Le Courtois’ ‘Edible’ Exhibition– Samuel Lane

Perhaps one of my greatest fears while attending a museum or gallery is that a clueless passerby will accidentally knock over or destroy a piece of art, but to my surprise, that was exactly was I was told to do upon entrance at BMoCA this past weekend.   Continue reading

Art and Fashion– Samuel Lane

After visiting the Yves Saint Laurent exhibition at the Denver Art Museum last week, I couldn’t help but notice the intimate bond that designers share with art/artists. Continue reading

Janine Antoni– Samuel Lane

Janine Antoni’s highly anticipated appearance at the Boulder campus was sufficiently fulfilled by her detailed lecture and personable behavior; it’s safe to say that everyone appreciated her effervescent and likable personality. Continue reading

“everyone should know Koh” — Samuel Lane

As we are currently learning about post-war and contemporary art in Asia, I find it appropriate, for those who are unfamiliar with Terence Koh’s work, to give a brief background on his significance to art world. Continue reading

Visiting Scholar Lecture- Joan Kee on Ming Wong. Samuel Lane

Joan Kee Lecture

February 14, 2012

“Ming Wong’s Cultural Studies”

            Joan Kee, a University of Michigan art historian who is a specialist on postwar and contemporary Asian painting discussed Singaporean artist, Ming Wong’s work, emphasizing the importance of globalism and multiculturalism. Continue reading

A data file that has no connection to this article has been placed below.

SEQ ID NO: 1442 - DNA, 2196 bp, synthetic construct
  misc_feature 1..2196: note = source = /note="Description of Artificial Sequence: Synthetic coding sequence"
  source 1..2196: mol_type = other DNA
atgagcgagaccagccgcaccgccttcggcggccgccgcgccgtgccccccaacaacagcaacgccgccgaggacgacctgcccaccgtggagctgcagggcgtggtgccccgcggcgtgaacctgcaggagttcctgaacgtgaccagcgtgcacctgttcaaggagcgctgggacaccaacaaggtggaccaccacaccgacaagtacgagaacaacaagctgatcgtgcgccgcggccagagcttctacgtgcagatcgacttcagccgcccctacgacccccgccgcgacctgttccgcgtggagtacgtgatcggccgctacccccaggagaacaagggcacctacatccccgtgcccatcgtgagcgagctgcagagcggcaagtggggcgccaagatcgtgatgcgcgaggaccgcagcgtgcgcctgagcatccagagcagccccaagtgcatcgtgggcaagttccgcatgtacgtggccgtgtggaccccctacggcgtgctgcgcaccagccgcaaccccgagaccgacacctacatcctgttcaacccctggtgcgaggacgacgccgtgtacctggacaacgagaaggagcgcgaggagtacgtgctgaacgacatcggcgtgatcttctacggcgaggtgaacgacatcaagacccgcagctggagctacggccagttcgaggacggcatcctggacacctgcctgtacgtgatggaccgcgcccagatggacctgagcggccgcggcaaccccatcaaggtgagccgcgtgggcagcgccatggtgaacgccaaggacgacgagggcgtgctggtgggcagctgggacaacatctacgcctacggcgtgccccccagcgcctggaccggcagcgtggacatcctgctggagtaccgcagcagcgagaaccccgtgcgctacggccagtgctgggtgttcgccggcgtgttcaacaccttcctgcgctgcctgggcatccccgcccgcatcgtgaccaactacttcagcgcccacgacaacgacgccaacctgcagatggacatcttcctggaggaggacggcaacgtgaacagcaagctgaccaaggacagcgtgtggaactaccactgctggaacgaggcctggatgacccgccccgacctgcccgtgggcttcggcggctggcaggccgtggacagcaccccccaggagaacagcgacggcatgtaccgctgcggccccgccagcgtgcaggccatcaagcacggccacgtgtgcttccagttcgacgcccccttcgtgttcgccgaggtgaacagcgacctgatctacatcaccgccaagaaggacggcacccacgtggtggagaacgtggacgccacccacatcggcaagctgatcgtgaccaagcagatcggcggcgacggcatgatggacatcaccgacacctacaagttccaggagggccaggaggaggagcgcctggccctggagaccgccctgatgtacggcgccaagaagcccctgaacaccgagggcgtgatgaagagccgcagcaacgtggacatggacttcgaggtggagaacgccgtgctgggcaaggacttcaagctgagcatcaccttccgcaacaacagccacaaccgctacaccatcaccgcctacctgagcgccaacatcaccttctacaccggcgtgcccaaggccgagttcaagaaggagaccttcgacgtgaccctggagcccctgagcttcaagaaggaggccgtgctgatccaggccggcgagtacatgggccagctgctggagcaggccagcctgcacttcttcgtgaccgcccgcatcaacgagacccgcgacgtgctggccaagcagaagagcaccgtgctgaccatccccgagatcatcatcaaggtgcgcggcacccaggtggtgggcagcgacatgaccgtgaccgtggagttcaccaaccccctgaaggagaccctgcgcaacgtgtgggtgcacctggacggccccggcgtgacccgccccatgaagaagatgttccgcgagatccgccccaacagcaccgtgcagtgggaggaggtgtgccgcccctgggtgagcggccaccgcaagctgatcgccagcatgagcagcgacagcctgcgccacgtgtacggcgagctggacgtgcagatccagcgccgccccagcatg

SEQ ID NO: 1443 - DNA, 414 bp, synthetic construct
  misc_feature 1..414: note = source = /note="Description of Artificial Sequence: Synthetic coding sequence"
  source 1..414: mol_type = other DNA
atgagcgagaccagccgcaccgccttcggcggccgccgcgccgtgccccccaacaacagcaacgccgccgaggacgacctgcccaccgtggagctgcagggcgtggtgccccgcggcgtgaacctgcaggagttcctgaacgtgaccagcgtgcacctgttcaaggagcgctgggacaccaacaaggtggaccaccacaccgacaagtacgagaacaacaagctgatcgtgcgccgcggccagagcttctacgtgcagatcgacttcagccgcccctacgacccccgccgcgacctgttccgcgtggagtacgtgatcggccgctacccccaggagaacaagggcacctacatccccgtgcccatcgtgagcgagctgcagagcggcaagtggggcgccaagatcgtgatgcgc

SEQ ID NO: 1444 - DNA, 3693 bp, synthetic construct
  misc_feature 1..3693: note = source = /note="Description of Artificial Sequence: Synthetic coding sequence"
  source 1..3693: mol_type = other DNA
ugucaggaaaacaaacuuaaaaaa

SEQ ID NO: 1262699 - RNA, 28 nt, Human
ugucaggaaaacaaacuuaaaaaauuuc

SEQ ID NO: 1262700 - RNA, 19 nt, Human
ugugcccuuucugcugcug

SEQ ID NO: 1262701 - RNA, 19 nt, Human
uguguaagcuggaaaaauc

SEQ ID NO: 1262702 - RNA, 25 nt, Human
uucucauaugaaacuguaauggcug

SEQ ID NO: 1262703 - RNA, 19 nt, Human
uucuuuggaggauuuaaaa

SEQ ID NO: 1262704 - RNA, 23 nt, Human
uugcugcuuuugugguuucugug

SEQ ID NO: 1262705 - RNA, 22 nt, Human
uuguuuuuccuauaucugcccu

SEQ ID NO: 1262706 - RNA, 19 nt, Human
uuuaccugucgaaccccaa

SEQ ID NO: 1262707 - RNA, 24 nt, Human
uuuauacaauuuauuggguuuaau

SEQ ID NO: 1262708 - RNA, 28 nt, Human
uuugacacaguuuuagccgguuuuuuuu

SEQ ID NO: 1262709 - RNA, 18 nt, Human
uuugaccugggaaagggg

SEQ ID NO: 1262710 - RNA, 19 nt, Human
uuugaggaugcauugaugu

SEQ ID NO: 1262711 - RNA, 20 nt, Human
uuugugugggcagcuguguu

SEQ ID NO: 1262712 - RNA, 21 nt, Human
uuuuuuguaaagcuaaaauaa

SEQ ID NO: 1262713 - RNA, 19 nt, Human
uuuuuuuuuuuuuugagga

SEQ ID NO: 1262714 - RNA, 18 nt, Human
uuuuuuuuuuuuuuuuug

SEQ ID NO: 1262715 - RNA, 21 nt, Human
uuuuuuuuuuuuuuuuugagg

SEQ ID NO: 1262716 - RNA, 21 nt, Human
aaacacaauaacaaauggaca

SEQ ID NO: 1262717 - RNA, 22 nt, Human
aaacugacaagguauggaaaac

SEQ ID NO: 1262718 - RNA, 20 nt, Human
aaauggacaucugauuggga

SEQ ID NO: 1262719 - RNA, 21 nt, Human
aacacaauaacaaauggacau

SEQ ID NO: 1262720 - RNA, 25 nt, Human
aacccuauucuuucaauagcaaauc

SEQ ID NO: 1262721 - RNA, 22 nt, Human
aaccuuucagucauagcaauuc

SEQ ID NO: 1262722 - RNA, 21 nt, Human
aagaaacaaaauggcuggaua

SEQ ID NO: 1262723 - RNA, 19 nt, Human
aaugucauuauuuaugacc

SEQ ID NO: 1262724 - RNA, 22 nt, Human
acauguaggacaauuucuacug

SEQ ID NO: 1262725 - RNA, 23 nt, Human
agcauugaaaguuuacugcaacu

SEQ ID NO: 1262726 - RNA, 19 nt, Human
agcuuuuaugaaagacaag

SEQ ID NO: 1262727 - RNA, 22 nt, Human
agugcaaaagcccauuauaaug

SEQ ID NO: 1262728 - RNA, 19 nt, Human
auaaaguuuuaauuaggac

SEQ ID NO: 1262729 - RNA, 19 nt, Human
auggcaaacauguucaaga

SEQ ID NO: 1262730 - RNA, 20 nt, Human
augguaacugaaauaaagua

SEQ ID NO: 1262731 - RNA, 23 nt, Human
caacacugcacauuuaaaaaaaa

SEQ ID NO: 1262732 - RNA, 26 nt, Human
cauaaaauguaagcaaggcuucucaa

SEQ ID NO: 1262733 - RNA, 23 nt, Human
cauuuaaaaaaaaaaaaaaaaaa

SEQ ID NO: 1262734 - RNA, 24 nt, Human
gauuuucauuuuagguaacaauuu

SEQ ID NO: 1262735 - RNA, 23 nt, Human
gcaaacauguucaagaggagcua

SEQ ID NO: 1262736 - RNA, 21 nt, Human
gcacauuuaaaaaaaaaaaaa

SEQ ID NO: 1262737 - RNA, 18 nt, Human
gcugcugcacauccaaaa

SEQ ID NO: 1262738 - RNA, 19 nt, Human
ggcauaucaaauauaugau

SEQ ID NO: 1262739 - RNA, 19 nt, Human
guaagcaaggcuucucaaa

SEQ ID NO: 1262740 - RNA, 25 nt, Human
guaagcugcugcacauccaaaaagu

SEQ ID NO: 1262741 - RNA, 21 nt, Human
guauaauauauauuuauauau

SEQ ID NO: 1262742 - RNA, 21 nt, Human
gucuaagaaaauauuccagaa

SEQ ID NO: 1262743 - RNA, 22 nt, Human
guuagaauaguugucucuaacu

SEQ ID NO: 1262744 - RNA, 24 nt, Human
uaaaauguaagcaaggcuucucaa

Clyfford Still Paper– Samuel Lane

The development of Clyfford Still’s work is far from subtle as I quickly noticed at the Clyfford Still Museum in Denver last weekend.  This incredible museum is not only visually fascinating, architecturally, but houses 94% of Still’s total output.  Unlike the Denver Art Museum, the Still collection is very organized and well curated.  The museum clearly indicates and arranges the collection by Still’s various stylistic movements, allowing the viewer to identify different periods of Still’s works, which span from 1920-1979.  I find that Clyfford Still’s rather rapid development and change in style is admirable and similar to his colleagues’ growth, such as Mark Rothko and Jackson Pollock. Continue reading

Samuel Lane- Intellectual Profile

1.  I am a sophomore majoring in Art History with a concentration in contemporary art. It was my mother who sparked my infatuation with art, specifically post war and contemporary art. All throughout elementary school she gave monthly art history lessons where we would replicate the works of Jackson Pollock and Picasso. Since my early childhood, I have grown more interested in contemporary art, particularly its ability to generate astronomical sums of money at auction. I plan to learn more about the business aspect of art—how its sold and curated. Continue reading

Terry Smith Paragraphs

Art Historian, Terry Smith explains in his book, “What Is Contemporary Art?” the meaning of “contemporary” and the components that have, and will continue to shape the Post War/Contemporary Art movement.  Smith explains that there are three rather complex “currents” that outline Contemporary Art.  The currents being, globalization, processes of decolonization, and generational change.  Of these three, globalization appears to be the most discussed and most valued component.  Smith draws many interesting parallels, showing how globalization has practically shaped the art world by demanding new styles of art that will help in the development of social media and communication.

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